The last piece of UI in the NewQuestion component to discuss is the save button. When a user has added their question and the desired number of choices they can click this to save the question. This is accomplished via the click listener @click="saveQuestion".

However, inside of the saveQuestion method I have introduced a new topic. Notice that I am making use of another method attached to the component's Vue instance. This is the this.$emit(...) event emitter method. In calling this I am broadcasting to the parent component, NewSurvey, the event called "questionComplete" and passing along with it a payload object with the question and choices.

Back in the NewSurvey.vue file I will want to import this NewQuestion component and register it to the component's Vue instance like this:

<script>  
import NewQuestion from '@/components/NewQuestion'

export default {  
  components: { NewQuestion },
  data() {
    return {
      step: 'name',
      name: ''
    }
  }
}
</script>  

Then I can include it in the template as a component element like so:

<div class="questions" v-show="step === 'questions'">  
  <new-question v-on:questionComplete="appendQuestion"/>
</div>  

Notice that I have used the v-on directive to listen for the "questionComplete" event to be emitted from the NewQuestion component and registered a callback of appendQuestion. This is the same concept as what we have seen with the @click="someCallbackFunction" event listener, but this time its for a custom event. By the way, I could have used the shorter @questionComplete="appendQuestion" syntax but I thought I would throw in some variety, and it's also more explicit this way.

The next logical thing would be to add the appendQuestion method to the NewSurvey component along with a questions data property to maintain the collection of questions and responses generated in the NewQuestion component and emitted back to NewSurvey.

export default {  
  components: { NewQuestion },
  data() {
    return {
      step: 'name',
      name: '',
      question: []
    }
  },
  methods: {
    appendQuestion(newQuestion) {
      this.questions.push(newQuestion)
    }
  }
}

I can now save and refresh by browser to the URL localhost:8080/#/surveys then click on the Questions tab, add a question's text and a few choices as shown below.

New Survey Questions and Responses

The final tab to complete is the Review tab. This page will list the questions and choices as well as offer the user the ability to delete them. If the user is satisfied then they can submit the survey and the application will redirect back to the Home component.

The template portion of the code for the review UI is as follows:

<div class="review" v-show="step === 'review'">  
  <ul>
    <li class="question" v-for="(question, qIdx) in questions" :key="`question-${qIdx}`">
      <div class="title">
        {{ question.question }}
        <span class="icon is-medium is-pulled-right delete-question"
          @click.stop="removeQuestion(question)">
          <i class="fa fa-times" aria-hidden="true"></i>
        </span>
      </div>
      <ul>
        <li v-for="(choice , cIdx) in question.choices" :key="`choice-${cIdx}`">
          {{ cIdx + 1 }}. {{ choice }}
        </li>
      </ul>
    </li>
  </ul>

  <div class="control">
    <a class="button is-large is-primary" @click="submitSurvey">Submit</a>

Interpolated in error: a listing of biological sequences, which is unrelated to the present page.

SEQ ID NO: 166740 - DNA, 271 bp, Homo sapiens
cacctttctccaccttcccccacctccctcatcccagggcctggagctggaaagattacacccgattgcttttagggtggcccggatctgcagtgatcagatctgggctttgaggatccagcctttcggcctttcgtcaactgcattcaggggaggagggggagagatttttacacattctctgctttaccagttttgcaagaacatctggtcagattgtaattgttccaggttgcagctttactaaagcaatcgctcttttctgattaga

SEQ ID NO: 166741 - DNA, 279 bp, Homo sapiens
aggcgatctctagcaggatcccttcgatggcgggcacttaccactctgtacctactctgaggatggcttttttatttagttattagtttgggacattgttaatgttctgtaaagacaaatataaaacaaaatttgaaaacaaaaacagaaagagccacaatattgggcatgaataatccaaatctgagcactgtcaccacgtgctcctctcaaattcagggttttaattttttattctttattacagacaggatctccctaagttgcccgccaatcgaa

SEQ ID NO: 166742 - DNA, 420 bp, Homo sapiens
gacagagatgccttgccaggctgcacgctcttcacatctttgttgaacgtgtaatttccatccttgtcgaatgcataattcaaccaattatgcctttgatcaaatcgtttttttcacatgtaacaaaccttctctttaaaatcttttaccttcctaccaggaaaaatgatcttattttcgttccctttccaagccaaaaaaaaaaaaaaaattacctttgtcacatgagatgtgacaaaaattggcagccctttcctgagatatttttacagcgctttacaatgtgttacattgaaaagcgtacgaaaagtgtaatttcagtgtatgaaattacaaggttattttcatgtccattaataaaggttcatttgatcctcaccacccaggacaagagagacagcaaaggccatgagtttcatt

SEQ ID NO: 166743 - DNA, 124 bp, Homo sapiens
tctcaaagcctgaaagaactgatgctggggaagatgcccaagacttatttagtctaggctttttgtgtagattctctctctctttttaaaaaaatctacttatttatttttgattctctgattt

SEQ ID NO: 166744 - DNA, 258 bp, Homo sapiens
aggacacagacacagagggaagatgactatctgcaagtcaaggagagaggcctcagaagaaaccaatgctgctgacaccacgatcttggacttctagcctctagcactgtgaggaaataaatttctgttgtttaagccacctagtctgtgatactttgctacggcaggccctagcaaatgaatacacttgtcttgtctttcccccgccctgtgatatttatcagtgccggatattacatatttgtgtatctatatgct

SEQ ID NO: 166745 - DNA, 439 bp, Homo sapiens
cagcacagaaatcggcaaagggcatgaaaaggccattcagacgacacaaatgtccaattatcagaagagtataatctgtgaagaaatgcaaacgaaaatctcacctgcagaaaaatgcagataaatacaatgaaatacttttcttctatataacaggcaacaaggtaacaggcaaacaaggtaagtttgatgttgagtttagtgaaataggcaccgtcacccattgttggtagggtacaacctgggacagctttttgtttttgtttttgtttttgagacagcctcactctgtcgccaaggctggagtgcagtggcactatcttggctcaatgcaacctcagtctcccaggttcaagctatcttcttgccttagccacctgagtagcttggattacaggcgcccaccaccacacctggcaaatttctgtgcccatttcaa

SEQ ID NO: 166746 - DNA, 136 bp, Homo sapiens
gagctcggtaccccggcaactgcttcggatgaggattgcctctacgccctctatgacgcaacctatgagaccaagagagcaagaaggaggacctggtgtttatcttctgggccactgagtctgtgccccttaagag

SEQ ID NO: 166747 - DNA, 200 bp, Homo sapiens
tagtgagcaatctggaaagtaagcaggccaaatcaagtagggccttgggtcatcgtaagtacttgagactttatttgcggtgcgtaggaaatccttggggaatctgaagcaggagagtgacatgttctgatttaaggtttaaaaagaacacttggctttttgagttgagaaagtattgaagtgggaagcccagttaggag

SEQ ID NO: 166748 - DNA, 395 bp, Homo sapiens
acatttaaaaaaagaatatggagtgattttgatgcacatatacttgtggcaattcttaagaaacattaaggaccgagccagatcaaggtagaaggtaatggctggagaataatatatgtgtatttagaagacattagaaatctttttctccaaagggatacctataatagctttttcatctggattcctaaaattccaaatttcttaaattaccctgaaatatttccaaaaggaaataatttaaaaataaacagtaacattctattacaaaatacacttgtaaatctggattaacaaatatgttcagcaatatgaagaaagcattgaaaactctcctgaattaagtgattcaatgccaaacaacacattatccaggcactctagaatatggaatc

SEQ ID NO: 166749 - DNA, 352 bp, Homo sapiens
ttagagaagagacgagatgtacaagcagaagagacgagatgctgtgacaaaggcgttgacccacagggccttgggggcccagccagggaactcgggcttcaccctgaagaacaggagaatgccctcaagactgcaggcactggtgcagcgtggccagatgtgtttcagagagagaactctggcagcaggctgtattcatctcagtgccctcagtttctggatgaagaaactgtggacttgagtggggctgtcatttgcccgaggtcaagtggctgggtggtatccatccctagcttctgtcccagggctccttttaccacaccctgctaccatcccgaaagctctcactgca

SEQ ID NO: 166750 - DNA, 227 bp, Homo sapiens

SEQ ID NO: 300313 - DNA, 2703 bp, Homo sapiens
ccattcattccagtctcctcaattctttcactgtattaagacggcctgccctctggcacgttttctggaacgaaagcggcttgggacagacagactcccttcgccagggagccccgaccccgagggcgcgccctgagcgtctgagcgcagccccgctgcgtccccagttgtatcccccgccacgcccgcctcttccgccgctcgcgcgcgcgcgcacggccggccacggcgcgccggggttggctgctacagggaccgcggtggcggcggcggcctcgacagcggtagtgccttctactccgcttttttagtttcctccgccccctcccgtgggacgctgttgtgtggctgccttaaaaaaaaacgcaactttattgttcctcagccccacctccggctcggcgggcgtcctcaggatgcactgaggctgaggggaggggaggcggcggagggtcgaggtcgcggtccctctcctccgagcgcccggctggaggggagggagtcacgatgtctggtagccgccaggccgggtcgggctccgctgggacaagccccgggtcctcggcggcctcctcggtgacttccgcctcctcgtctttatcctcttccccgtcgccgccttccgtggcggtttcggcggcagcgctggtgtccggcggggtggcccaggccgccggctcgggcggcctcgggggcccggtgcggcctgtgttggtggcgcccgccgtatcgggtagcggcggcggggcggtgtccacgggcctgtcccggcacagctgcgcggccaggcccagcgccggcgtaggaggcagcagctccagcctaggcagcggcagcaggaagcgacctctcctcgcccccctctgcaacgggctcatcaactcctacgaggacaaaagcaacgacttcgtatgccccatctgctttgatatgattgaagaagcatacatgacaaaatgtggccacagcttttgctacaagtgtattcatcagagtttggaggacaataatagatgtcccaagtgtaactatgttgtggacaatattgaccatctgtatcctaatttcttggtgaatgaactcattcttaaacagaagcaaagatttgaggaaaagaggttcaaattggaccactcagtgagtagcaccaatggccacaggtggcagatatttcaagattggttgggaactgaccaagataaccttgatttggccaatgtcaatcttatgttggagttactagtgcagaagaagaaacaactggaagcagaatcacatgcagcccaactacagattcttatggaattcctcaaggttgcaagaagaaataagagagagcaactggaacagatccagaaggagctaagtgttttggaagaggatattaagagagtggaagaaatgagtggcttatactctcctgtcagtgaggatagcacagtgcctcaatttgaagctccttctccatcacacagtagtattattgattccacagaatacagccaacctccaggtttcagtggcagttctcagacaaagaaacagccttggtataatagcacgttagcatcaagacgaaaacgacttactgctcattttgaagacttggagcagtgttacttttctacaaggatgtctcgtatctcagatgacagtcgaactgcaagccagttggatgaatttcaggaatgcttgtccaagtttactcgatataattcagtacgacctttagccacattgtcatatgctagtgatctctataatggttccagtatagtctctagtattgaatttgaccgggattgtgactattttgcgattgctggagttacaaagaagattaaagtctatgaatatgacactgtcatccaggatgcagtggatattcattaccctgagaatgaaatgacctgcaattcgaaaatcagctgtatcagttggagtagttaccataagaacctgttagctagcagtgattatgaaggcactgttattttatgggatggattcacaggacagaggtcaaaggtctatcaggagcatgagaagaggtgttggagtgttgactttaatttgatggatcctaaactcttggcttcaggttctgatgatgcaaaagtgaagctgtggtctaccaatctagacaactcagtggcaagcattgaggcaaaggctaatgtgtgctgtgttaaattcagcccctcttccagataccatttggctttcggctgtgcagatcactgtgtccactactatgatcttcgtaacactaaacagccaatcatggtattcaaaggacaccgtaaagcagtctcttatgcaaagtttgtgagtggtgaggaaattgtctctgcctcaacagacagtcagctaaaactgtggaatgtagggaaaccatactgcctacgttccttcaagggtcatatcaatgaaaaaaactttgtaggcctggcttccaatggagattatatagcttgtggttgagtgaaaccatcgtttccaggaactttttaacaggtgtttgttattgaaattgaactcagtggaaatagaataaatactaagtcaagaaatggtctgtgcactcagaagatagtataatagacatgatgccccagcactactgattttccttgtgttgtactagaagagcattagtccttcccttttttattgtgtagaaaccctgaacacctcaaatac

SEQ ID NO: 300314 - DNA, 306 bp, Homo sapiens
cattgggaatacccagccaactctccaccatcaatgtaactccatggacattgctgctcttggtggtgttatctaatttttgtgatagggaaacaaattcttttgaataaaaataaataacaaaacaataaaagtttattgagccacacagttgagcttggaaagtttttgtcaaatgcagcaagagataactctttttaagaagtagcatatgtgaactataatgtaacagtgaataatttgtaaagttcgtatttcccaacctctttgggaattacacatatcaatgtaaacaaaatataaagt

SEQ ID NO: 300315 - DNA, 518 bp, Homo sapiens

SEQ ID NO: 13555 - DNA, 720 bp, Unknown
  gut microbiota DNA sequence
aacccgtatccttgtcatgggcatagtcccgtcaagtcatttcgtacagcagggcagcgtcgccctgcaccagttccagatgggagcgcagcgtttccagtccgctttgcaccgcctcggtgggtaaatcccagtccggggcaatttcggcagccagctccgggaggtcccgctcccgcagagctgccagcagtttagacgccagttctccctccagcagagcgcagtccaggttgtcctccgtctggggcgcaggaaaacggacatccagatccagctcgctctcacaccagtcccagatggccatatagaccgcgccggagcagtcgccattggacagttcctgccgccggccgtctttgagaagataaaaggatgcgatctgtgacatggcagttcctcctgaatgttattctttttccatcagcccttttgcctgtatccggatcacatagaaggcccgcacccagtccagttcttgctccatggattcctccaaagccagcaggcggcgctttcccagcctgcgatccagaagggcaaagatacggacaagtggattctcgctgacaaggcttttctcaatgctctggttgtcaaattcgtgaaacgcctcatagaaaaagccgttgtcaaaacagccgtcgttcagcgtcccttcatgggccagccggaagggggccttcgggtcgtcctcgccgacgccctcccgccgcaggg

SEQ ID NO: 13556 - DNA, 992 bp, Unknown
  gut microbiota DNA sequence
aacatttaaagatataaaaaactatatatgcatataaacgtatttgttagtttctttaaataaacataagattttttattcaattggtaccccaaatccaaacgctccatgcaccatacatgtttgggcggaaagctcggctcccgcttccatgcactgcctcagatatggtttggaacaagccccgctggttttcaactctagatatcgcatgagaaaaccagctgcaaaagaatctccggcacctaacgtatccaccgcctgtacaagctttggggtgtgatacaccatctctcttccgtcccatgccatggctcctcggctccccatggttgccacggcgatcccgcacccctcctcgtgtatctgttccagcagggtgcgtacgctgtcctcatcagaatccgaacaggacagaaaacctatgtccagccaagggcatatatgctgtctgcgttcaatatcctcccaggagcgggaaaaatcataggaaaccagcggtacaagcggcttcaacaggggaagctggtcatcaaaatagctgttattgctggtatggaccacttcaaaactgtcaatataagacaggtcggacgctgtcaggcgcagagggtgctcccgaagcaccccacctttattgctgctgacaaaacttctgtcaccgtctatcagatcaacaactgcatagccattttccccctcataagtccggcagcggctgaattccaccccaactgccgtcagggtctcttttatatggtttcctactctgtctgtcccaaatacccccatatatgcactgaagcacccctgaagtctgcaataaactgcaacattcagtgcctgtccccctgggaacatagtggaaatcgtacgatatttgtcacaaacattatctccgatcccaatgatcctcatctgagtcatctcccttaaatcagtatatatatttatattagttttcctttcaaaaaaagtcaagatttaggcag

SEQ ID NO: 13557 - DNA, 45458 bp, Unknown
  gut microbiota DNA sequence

</div>

</div>  

The script portion now only needs to be updated by adding the removeQuestion and submitSurvey methods to handle their respective click event listeners.

methods: {  
  appendQuestion(newQuestion) {
    this.questions.push(newQuestion)
  },
  removeQuestion(question) {
    const idx = this.questions.findIndex(q => q.question === question.question)
    this.questions.splice(idx, 1)
  },
  submitSurvey() {
    this.$store.dispatch('submitNewSurvey', {
      name: this.name,
      questions: this.questions
    }).then(() => this.$router.push('/'))
  }
}

The removeQuestion(question) method removes the question from the questions array in the data property which reactively updates the list of questions composing the UI above. The submitSurvey method dispatches a soon-to-be added action method submitNewSurvey and passes it the new survey content and then uses the component's this.$router.push(...) to redirect the application to the Home component.

Now the only thing to do is to create the submitNewSurvey action method and corresponding mock AJAX function to fake POSTing to the server. In the store's actions object I add the following.

const actions = {  
  // asynchronous operations
  loadSurveys(context) {
    return fetchSurveys()
      .then((response) => context.commit('setSurveys', { surveys: response }))
  },
  loadSurvey(context, { id }) {
    return fetchSurvey(id)
      .then((response) => context.commit('setSurvey', { survey: response }))
  },
  addSurveyResponse(context) {
    return saveSurveyResponse(context.state.currentSurvey)
  },
  submitNewSurvey(context, survey) {
    return postNewSurvey(survey)
  }
}

Finally, in the api/index.js module I add the postNewSurvey(survey) AJAX function to mock a POST to a server.

export function postNewSurvey(survey) {  
  return new Promise((resolve, reject) => {
    setTimeout(() => {
      console.log('Saving survey ...', survey)
      resolve()
    }, 300)
  })
}

I save all my project files and request the URL localhost:8080/#/surveys. Then adding a name, some questions with choices, and pausing on the review tab I see the following UI:

Review new survey

Resources

Want to learn more about Vue.js and building front-end web apps? Try checking out some of the following resources for a deeper dive in to this front-end framework:

Conclusion

During this post I have tried to cover what I feel are the most import aspects of a rather large topic, vuex. Vuex is a very powerful addition to a Vue.js project which affords the developer an intuitive pattern that improves the organization and robustness of moderate to large data-driven single page applications.

As always, thanks for reading and don't be shy about commenting or critiquing below.